You’re a renter
So it’s up to your landlord to have buildings insurance in case anything happens to the parts of the place they own. The landlord is also responsible for insuring any contents that he owns if the property is rented furnished. If you want to be sure of the safety of your own contents, in the event of anything particularly awful like a fire or a burglary, a contents insurance policy could cover the cost of repairing or replacing your damaged or stolen property.
You're a homeowner
If you own your home and you have a mortgage then it will usually be a condition of the mortgage that you have buildings insurance, but mortgage or not, it’s always wise to have buildings insurance. And contents insurance is just as relevant to you as it is for someone who rents their property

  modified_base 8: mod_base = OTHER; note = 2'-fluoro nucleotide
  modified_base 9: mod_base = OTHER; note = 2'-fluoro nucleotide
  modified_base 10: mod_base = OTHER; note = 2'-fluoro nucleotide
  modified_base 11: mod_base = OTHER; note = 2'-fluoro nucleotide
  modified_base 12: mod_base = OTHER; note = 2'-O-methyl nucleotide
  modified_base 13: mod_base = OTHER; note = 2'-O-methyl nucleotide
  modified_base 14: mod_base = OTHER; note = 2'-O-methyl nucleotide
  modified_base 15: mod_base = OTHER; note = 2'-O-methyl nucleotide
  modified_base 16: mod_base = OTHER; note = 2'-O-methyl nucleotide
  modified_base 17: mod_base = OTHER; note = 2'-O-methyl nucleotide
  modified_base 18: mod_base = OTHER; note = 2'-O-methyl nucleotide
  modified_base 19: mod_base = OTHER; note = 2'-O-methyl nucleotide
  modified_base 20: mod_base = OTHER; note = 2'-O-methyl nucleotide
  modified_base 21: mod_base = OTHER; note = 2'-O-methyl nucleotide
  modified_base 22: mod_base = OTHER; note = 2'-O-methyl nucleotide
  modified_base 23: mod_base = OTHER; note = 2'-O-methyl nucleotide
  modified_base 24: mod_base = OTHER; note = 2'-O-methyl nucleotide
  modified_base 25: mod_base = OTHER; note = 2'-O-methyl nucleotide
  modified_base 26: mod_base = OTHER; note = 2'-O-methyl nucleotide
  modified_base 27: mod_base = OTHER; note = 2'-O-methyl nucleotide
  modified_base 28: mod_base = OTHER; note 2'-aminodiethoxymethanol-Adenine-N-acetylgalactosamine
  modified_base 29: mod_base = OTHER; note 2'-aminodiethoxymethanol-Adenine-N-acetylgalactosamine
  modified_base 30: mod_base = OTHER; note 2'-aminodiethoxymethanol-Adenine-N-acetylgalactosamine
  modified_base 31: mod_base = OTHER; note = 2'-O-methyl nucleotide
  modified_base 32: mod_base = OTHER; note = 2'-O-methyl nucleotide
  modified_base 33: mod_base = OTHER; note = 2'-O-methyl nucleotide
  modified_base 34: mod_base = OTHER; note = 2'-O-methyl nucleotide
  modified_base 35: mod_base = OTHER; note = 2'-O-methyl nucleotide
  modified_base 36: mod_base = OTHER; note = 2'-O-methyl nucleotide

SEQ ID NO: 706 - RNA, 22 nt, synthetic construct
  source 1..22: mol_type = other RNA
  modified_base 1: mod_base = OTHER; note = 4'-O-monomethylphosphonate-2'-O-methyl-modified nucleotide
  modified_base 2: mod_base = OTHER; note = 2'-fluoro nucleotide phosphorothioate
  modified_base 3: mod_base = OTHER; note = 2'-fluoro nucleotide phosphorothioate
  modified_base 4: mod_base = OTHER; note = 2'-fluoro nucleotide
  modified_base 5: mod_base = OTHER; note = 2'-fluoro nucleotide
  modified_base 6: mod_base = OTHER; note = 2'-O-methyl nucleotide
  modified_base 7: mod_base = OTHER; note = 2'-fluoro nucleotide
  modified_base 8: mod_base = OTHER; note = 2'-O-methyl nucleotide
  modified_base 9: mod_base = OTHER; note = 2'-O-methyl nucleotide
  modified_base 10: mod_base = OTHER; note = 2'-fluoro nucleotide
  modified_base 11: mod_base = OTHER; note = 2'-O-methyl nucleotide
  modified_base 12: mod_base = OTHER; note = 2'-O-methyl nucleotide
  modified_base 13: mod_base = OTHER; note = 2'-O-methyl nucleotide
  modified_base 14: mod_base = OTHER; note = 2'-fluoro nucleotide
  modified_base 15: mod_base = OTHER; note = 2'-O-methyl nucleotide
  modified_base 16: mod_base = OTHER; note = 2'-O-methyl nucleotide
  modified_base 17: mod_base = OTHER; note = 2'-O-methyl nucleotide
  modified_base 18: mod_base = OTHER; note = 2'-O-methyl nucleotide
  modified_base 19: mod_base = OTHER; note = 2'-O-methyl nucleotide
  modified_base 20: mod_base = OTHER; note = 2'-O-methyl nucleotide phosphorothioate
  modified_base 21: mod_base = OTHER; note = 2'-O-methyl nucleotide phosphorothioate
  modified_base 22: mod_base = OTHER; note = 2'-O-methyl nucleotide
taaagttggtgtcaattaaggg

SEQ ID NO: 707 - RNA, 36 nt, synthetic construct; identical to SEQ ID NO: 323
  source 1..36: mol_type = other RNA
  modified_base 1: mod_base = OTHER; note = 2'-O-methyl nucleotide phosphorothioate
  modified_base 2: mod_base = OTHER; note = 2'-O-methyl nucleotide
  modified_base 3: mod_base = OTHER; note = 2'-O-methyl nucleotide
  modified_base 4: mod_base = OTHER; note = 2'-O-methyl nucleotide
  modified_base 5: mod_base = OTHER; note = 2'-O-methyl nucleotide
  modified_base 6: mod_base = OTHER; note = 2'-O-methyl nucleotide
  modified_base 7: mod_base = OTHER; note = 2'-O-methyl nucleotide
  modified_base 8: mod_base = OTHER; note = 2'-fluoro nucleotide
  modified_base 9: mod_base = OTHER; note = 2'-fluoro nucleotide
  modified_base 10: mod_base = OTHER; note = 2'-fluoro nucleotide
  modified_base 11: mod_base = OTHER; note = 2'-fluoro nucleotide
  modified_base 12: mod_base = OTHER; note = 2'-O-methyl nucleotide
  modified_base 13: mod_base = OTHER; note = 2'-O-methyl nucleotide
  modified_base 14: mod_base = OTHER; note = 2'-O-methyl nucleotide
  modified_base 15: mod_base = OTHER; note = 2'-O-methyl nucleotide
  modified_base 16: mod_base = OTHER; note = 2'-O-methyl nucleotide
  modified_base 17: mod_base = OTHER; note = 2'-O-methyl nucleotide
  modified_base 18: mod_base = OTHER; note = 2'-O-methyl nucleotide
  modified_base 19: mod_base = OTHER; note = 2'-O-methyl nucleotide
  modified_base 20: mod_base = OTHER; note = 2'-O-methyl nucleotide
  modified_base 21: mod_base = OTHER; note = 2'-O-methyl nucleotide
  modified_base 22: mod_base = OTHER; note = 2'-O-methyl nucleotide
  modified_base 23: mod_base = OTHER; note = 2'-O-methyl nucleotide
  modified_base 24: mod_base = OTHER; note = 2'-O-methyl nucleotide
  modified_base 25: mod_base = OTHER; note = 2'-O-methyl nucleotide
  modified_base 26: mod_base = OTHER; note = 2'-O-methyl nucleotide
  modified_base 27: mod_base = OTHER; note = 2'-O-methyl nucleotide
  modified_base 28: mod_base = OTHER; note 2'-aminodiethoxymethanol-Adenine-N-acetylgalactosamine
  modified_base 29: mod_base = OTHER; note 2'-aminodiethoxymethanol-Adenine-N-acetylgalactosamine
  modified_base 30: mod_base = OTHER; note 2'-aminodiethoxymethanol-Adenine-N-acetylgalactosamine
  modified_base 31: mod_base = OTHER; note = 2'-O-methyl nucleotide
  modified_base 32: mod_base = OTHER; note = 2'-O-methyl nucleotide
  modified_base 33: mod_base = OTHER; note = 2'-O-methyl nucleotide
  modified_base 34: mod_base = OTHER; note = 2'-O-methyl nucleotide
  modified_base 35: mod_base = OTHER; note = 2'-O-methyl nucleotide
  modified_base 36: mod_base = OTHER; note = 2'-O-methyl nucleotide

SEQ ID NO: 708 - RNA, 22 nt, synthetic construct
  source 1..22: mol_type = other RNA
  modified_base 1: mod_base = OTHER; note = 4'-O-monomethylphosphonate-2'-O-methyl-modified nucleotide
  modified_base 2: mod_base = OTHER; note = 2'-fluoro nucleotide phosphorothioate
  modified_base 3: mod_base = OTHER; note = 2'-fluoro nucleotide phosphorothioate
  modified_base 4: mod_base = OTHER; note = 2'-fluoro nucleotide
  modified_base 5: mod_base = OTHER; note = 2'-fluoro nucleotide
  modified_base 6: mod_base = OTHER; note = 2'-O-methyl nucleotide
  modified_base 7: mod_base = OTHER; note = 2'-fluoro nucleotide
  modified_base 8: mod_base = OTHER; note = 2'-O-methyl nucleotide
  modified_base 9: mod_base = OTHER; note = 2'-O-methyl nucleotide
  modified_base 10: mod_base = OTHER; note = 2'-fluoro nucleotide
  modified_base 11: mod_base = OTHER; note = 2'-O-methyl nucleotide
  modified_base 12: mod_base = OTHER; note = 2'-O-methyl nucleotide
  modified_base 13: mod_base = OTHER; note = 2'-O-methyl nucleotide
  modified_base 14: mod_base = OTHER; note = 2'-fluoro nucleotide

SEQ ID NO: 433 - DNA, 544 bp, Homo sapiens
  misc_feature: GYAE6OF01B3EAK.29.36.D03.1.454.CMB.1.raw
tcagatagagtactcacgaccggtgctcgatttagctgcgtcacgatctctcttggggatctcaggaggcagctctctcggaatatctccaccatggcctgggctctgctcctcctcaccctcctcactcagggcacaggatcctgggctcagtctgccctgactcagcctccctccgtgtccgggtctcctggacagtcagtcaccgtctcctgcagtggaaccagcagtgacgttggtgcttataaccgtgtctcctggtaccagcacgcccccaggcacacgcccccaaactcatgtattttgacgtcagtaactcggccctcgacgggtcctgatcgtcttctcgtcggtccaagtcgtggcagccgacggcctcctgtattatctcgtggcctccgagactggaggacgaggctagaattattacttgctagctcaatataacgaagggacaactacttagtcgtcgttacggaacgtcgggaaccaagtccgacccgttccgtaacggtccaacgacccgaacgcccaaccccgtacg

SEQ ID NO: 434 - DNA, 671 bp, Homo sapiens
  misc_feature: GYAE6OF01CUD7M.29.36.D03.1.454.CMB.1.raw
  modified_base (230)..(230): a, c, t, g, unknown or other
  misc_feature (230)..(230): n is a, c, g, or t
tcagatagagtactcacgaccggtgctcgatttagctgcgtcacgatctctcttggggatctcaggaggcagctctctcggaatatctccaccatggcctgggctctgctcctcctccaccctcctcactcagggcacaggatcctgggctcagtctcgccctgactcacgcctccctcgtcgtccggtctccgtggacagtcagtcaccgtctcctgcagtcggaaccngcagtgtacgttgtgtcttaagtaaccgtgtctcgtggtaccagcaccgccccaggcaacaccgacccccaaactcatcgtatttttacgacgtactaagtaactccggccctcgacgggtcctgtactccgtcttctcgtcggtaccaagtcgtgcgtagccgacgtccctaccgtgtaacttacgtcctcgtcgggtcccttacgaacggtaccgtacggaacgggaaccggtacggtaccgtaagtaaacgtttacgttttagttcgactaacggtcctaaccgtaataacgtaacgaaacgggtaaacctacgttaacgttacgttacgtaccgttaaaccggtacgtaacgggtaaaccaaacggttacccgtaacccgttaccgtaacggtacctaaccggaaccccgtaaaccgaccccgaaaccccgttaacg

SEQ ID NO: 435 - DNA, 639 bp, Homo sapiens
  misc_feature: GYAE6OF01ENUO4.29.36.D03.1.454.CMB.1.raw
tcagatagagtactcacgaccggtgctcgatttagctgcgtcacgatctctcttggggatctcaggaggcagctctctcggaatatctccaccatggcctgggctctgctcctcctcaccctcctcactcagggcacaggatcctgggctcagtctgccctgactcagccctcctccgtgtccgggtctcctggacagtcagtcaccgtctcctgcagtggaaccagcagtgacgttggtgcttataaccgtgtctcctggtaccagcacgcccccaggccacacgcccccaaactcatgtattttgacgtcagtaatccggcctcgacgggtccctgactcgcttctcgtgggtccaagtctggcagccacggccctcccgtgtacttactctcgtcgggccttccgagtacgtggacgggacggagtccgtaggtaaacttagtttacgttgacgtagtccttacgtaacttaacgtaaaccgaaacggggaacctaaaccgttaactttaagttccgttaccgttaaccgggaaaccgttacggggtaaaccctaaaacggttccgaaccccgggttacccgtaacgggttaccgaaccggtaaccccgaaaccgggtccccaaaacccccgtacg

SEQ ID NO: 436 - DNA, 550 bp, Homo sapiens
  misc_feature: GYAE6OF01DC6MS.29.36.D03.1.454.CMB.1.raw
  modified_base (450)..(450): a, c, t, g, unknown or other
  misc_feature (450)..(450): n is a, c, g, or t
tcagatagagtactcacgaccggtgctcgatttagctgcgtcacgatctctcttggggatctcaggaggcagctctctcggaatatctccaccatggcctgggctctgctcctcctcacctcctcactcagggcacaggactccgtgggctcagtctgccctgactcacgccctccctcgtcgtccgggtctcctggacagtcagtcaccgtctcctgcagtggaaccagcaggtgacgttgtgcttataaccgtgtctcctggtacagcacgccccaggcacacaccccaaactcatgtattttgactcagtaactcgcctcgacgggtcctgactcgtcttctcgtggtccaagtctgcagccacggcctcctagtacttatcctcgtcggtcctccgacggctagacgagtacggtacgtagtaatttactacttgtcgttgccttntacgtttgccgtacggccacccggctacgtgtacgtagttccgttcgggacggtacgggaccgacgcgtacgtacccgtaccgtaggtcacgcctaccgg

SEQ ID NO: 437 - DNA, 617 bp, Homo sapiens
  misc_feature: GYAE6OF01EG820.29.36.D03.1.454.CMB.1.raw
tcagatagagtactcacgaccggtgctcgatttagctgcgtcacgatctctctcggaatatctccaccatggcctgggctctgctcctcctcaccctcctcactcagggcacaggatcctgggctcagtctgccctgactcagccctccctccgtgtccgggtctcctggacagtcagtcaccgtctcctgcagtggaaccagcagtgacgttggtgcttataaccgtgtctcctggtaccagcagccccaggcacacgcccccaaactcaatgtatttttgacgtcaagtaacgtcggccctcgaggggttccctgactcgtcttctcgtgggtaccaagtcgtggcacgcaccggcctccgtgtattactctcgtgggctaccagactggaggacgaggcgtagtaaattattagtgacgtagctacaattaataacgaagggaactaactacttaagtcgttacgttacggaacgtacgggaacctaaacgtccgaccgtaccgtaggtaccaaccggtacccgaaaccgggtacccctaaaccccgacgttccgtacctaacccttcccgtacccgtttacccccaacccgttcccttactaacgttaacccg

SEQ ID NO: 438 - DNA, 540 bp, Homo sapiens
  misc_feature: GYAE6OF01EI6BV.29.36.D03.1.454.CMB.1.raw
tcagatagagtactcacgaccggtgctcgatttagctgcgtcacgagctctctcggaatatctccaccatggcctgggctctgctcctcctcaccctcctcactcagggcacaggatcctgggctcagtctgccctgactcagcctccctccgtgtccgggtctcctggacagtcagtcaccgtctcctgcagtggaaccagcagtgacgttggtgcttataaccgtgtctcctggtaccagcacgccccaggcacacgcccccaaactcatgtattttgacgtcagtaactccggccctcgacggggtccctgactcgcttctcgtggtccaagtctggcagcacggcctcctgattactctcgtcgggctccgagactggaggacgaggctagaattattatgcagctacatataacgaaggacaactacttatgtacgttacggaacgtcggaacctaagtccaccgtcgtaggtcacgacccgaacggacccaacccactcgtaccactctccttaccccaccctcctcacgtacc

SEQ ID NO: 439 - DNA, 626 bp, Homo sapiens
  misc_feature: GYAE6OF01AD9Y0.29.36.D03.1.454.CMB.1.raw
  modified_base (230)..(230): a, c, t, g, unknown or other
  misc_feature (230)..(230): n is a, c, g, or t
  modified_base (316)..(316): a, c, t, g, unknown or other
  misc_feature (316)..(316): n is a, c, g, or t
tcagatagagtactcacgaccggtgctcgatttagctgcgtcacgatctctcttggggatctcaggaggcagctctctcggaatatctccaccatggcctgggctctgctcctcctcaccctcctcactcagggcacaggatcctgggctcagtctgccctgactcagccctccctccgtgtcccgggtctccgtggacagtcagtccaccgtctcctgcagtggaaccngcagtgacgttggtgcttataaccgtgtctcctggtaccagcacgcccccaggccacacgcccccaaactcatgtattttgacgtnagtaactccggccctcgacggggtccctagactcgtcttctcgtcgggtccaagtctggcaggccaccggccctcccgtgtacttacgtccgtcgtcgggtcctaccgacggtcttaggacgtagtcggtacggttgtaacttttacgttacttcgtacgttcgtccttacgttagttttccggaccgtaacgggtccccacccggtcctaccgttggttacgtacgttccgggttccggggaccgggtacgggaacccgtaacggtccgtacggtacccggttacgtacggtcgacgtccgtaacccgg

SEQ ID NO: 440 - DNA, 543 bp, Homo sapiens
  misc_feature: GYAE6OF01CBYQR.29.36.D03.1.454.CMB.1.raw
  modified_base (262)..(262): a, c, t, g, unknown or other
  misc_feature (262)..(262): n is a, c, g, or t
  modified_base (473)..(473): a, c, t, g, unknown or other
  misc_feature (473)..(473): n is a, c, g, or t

You just own the leasehold
If you live in a flat or a building comprised of different homes on a leasehold ownership, there may be a landlord in charge of the freehold. In this case, it’s up to them to get buildings insurance – but, take note, the landlord is only responsible for the parts of the property they own. So if they look after the stairwell of the block of flats you live in, their buildings insurance will only cover their stairwell. Should anything horrible happen to the part of the property you own it will not be covered by their buildings insurance so you would need to have your own buildings insurance policy.